7. Chemical Characterization of N-Linked Oligosaccharide As the Antigen Epitope Recognized by an Anti-Sperm Auto-Monoclonal Antibody, Ts4.

    Directory of Open Access Journals (Sweden)

    Hiroshi Yoshitake

    Full Text Available Ts4, an anti-sperm auto-monoclonal antibody, possesses immunoreactivity to the acrosomal region of mouse epididymal spermatozoa. In addition, the mAb shows specific immunoreactivity to reproduction-related regions such as testicular germ cells and early embryo. Our qualitative study previously showed that the antigen epitope for Ts4 contained a N-linked common oligosaccharide (OS chain on testicular glycoproteins as determined by Western blotting for testicular glycoproteins after treatment with several glycohydrolases. Since the distribution of the Ts4-epitope is unique, the OS chain in Ts4-epitope may have role(s in the reproductive process. The aim of this study was to clarify the molecular structure of the Ts4-epitope, particularly its OS moiety. Using Ts4 immunoprecipitation combined with liquid chromatography and multiple-stage mass spectrometry, the candidate carbohydrate structure in the Ts4-epitope is proposed to be N-linked fucosylated agalacto-biantennary with bisecting N-acetylglucosamine (GlcNAc or with N-acetylgalactosamine-GlcNAc motif. Further binding analyses using various lectins against the mouse testicular Ts4-immunoprecipitants revealed that Phaseolus vulgaris erythroagglutinin and Pisum sativum agglutinin showed positive staining of the bands corresponding to Ts4 reactive proteins. Moreover, the immunoreactivity of Ts4 against the testicular extract was completely abrogated after digestion with β-N-acetylglucosaminidase. These results show that the Ts4-epitope contains agalacto-biantennary N-glycan with bisecting GlcNAc carrying fucose residues.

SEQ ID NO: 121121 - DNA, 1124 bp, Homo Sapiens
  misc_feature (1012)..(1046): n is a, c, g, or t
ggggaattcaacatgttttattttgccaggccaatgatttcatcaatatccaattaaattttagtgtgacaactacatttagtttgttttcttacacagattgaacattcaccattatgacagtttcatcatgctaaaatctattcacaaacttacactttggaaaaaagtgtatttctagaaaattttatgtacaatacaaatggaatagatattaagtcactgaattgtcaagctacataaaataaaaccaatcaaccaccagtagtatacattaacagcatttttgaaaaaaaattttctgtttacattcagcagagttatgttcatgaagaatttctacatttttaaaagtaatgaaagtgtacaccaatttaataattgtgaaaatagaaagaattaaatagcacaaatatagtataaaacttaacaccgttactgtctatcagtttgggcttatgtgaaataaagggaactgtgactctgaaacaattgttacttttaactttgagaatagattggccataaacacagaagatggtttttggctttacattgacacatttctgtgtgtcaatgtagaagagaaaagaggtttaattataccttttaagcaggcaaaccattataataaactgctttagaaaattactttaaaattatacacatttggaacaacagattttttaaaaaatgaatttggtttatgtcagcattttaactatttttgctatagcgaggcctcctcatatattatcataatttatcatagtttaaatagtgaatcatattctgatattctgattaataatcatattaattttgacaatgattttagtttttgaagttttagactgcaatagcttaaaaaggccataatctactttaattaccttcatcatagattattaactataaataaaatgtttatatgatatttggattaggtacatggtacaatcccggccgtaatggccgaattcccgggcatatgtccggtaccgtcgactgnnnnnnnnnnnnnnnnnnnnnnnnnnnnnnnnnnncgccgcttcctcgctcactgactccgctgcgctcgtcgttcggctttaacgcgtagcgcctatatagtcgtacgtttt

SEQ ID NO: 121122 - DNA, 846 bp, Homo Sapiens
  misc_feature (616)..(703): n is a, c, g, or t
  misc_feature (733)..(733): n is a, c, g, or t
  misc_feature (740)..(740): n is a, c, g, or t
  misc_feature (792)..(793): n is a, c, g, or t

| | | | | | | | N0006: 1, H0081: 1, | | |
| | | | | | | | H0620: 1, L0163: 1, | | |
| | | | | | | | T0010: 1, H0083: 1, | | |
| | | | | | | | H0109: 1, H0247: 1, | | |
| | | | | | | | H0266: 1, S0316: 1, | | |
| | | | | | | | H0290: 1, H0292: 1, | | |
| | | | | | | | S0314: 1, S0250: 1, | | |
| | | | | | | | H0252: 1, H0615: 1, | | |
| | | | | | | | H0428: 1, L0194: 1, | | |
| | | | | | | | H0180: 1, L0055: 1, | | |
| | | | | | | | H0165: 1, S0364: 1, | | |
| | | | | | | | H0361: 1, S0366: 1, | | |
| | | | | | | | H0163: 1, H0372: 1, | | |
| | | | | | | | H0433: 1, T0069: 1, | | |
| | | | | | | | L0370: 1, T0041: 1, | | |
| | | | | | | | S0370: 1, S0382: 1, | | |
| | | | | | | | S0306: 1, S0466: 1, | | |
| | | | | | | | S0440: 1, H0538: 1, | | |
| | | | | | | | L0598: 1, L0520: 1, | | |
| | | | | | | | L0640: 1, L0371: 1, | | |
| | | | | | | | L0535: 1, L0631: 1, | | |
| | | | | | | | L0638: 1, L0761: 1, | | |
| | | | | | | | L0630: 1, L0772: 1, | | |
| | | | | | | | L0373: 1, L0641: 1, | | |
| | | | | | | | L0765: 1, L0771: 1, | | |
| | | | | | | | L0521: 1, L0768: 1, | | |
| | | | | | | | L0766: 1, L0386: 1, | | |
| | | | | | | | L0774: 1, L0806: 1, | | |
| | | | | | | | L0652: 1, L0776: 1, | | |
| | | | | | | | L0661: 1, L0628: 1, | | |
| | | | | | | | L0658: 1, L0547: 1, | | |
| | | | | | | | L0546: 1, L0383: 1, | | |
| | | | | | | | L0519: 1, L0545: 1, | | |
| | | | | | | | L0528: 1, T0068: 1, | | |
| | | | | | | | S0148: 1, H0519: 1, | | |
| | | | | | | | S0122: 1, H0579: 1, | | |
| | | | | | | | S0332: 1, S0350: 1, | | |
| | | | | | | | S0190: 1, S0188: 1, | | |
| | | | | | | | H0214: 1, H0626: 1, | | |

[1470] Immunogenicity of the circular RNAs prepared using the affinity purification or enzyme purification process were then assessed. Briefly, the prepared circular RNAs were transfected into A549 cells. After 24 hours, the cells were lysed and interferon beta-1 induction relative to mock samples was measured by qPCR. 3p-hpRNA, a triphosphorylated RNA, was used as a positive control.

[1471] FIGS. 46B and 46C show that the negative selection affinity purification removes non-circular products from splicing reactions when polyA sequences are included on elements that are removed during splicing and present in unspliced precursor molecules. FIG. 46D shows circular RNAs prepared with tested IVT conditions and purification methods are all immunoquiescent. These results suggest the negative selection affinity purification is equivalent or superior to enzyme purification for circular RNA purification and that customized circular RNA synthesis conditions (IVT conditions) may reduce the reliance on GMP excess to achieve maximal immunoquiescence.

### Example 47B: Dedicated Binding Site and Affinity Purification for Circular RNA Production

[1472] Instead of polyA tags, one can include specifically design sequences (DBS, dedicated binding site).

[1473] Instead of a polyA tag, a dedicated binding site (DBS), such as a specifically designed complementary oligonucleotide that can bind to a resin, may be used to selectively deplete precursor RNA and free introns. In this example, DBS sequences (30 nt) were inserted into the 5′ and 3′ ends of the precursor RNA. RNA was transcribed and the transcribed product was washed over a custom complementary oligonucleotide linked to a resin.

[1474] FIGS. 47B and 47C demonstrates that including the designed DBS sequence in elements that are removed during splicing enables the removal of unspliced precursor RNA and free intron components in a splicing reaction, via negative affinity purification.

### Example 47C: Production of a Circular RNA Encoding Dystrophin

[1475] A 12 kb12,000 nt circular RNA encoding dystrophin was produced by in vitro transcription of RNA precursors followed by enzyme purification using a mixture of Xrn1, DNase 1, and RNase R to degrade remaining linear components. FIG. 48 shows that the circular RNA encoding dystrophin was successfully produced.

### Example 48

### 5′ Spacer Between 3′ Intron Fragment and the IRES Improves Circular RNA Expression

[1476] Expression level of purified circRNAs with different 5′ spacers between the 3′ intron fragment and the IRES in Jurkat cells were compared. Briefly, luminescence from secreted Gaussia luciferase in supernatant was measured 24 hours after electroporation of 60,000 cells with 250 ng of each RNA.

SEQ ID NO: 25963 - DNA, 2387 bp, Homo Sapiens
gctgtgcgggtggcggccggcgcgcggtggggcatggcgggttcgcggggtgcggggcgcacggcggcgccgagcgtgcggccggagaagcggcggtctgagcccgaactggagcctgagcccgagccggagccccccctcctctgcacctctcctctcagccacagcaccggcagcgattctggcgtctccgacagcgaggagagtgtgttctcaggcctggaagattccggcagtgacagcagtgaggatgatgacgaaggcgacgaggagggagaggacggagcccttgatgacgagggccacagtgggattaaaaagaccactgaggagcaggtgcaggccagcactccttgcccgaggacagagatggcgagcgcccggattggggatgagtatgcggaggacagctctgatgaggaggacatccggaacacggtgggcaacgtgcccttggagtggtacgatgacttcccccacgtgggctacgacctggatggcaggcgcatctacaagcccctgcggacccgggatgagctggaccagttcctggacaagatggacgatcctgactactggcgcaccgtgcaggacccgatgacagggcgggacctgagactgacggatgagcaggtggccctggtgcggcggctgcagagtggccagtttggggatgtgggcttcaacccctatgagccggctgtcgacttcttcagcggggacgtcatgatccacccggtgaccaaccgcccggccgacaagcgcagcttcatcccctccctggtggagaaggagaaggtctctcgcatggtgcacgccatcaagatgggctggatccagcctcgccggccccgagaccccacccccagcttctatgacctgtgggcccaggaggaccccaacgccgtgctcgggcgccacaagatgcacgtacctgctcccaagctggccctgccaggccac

8. The chicken erythrocyte-specific MHC antigen. Characterization and purification of the B-G antigen by monoclonal antibodies

    DEFF Research Database (Denmark)

    Salomonsen, J; Skjødt, K; Crone, M;

    1987-01-01

    ), when labeled erythrocytes were the antigen source, or trimers (130 kd), when B-G was purified and precipitated from CEM. The B-G antigen was unglycosylated as studied by in vitro synthesis in the presence or absence of tunicamycin, binding experiments with lectin from Phaseolus limensis, and treatment...

  9. Human Monoclonal Islet Cell Antibodies From a Patient with Insulin- Dependent Diabetes Mellitus Reveal Glutamate Decarboxylase as the Target Antigen

    Science.gov (United States)

    Richter, Wiltrud; Endl, Josef; Eiermann, Thomas H.; Brandt, Michael; Kientsch-Engel, Rosemarie; Thivolet, Charles; Jungfer, Herbert; Scherbaum, Werner A.

    1992-09-01